This is a special section for all you captains and co-captains! I'm co-captain of my guard
and I've picked up on things that can help you with your guard!
Don't let your head swell up! In other words, don't think that you're a hotshot
or anything JUST because you are section leader. Yes, you need to lead the guard, but that doesn't mean you need to treat
them like they're lower-class citizens.
Don't play favorites. I can't stress this enough! DO NOT ALLOW YOURSELF TO
PLAY FAVORITES! I know there are times where you just want to give that "one person" a hundred pushups just because they did
this or that. There are times where you just want to mouth off to that person. There are times where you're tempted to kick
that person off the guard. THIS IS A BIG NO-NO! Part of the reason why your director picked you as the section leader is that
you should have the patience and the maturity to overlook these things. Don't discriminate against someone just because you
don't like them or they get on your nerves. Playing favorites WILL sever the communication and the closeness of the guard.
It WILL interfere with the practices, the shows, the friendships, EVERYTHING!
Try to understand your guard. If a person
cannot make it to one practice, don't threaten to kick them off. Guard should be fun, not be a duplicate to the Marine Corps.
Sure, the guard members should be at most practices, but things come up. Colorguard should NOT take up your whole life.
let the guard talk about personal problems and such during practice. It will interfere with their concentration on the task
at hand. Sure, it's cool for water breaks and stuff, but not during practice. Another thing is to try to limit excess talk
during practice. Too much talking wastes a LOT of time!
Be strict, but don't be a freaking boot camp general. Being
disciplined and strict is good, but too much will do the opposite effect. Your guard will begin to disrespect you and not
listen to you. Be strict, but have fun.
Do not tolerate back talk or attitude! If a member is giving you attitude
or talking back to your instructions, DO NOT tolerate it! Ask them to stop (nicely) and if it persists, give them a lap around
the track or pushups (50-100). If it keeps going after you resort to laps or pushups, tell them to leave rehearsal right then
and there. If it gets this bad, it's obvious that they have no interest in rehearsal. If you need to tell them to leave, make
sure you tell your instructor and your band director of the problem. Now, don't give attitude to the members yourself! That's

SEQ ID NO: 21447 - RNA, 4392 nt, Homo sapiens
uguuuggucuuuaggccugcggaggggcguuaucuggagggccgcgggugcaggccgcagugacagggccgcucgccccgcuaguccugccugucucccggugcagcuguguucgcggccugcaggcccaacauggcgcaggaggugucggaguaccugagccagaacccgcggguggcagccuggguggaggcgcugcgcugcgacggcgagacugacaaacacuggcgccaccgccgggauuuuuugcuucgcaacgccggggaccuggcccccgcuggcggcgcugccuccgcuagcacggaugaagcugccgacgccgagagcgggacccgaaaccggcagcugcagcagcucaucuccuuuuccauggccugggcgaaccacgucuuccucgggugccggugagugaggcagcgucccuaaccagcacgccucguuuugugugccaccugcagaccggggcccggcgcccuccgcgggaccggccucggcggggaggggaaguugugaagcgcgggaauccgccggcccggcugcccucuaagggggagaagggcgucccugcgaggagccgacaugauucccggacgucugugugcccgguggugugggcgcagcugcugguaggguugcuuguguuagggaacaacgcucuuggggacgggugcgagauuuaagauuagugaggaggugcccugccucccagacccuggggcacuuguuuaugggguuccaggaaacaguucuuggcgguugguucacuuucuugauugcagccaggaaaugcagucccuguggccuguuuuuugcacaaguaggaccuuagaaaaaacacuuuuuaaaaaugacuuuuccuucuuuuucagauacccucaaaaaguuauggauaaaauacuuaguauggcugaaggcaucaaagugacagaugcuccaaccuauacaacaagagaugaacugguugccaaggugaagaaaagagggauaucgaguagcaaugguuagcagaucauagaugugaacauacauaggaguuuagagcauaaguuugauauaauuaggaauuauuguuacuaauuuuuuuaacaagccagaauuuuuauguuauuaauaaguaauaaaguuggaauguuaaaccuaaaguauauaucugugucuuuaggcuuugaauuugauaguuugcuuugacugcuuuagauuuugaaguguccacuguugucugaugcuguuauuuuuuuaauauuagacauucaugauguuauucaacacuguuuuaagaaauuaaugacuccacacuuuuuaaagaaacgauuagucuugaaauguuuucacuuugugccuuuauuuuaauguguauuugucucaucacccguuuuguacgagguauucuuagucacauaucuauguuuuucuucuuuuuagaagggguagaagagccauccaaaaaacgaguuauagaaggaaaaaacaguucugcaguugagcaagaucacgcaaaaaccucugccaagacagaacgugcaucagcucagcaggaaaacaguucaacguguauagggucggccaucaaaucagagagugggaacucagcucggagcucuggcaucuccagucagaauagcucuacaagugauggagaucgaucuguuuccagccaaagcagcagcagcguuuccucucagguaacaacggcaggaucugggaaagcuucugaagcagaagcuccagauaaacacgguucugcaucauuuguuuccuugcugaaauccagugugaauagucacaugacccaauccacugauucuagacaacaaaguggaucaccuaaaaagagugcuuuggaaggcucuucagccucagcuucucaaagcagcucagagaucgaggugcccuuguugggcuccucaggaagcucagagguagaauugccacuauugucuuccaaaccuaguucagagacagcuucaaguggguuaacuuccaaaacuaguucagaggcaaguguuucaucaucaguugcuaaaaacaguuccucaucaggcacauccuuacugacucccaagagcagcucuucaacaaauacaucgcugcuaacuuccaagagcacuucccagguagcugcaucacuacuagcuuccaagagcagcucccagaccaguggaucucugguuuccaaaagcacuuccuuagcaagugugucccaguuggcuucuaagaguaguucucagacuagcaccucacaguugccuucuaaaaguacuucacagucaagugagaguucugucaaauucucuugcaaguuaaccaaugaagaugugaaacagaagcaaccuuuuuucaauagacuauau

a big NO-NO! Treat them civil, but make sure they know who is in charge!
Get to know everyone in your guard on a personal
level. Know what works for one person and what doesn't. There may be someone who you can yell at and they wouldn't be phased
about it, but the next person may be really sensitive to that.
Don't be too much of a straight-stick. Be strict, but
be silly! Your guard will respond much better to that.
If you are having problems getting along with another person,
another section leader or a member of your guard, don't let it show!! This sounds bad, but it's necessary. Don't openly talk
bad about other people in front of your guard. It'll only reflect bad images on yourself.
Always try and be available
for your guard. Let them know that they can come to you for help whenever they want. If you can't personally be available,
try to have another captain help teach, or set up a time where you can personally be of help. It'll be good for the guard
to know that you are always there to help them.
Look at your organizational skills and see how they are. Being captain
requires a certain amount of organization, and if you're not too strong in this area, see what you can do to improve it!
you have discipline? Can you handle responsibility? Since you're captain, you should already be able to say yes to both of
these questions. Sometimes as captain, you're required to write a parade routine or some kind of routine for something. Don't
put this off! You'll end up rush-writing work, and that'll just come out as pure poo-poo. Don't procrastinate! That's the
main point I'm trying to get across here.
Be careful of the priviledges you give to your guard. It's nice to have
them, but watch carefully how your guard responds to them. For example, if you have a 10-minute break every hour, but lately
you see your guard being late in coming back from that break, maybe it's time to rethink that priviledge and either take it
away or shorten it to 3-5 minutes instead. Be observant!
More to come!